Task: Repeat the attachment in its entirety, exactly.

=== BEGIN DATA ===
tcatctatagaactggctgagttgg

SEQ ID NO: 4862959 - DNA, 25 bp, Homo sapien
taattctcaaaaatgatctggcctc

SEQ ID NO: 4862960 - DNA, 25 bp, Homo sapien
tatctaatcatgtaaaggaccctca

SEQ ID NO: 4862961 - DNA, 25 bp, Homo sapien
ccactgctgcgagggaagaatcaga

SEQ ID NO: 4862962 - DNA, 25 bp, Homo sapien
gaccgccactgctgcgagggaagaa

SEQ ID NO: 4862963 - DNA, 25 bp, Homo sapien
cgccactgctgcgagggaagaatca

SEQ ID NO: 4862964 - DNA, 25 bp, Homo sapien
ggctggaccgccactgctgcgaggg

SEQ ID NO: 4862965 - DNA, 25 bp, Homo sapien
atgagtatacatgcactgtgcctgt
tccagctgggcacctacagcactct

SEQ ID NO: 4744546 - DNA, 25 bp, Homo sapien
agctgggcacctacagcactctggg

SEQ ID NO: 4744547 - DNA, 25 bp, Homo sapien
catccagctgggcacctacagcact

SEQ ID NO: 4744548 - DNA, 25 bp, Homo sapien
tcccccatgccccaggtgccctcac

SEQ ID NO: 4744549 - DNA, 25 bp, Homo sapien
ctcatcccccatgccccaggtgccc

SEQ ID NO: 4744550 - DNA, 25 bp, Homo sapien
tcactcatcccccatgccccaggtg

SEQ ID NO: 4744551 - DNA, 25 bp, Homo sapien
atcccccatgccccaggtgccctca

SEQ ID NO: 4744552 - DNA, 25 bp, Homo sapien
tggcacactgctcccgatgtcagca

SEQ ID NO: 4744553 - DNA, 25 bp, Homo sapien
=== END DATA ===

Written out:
tcatctatagaactggctgagttgg

SEQ ID NO: 4862959 - DNA, 25 bp, Homo sapien
taattctcaaaaatgatctggcctc

SEQ ID NO: 4862960 - DNA, 25 bp, Homo sapien
tatctaatcatgtaaaggaccctca

SEQ ID NO: 4862961 - DNA, 25 bp, Homo sapien
ccactgctgcgagggaagaatcaga

SEQ ID NO: 4862962 - DNA, 25 bp, Homo sapien
gaccgccactgctgcgagggaagaa

SEQ ID NO: 4862963 - DNA, 25 bp, Homo sapien
cgccactgctgcgagggaagaatca

SEQ ID NO: 4862964 - DNA, 25 bp, Homo sapien
ggctggaccgccactgctgcgaggg

SEQ ID NO: 4862965 - DNA, 25 bp, Homo sapien
atgagtatacatgcactgtgcctgt
tccagctgggcacctacagcactct

SEQ ID NO: 4744546 - DNA, 25 bp, Homo sapien
agctgggcacctacagcactctggg

SEQ ID NO: 4744547 - DNA, 25 bp, Homo sapien
catccagctgggcacctacagcact

SEQ ID NO: 4744548 - DNA, 25 bp, Homo sapien
tcccccatgccccaggtgccctcac

SEQ ID NO: 4744549 - DNA, 25 bp, Homo sapien
ctcatcccccatgccccaggtgccc

SEQ ID NO: 4744550 - DNA, 25 bp, Homo sapien
tcactcatcccccatgccccaggtg

SEQ ID NO: 4744551 - DNA, 25 bp, Homo sapien
atcccccatgccccaggtgccctca

SEQ ID NO: 4744552 - DNA, 25 bp, Homo sapien
tggcacactgctcccgatgtcagca

SEQ ID NO: 4744553 - DNA, 25 bp, Homo sapien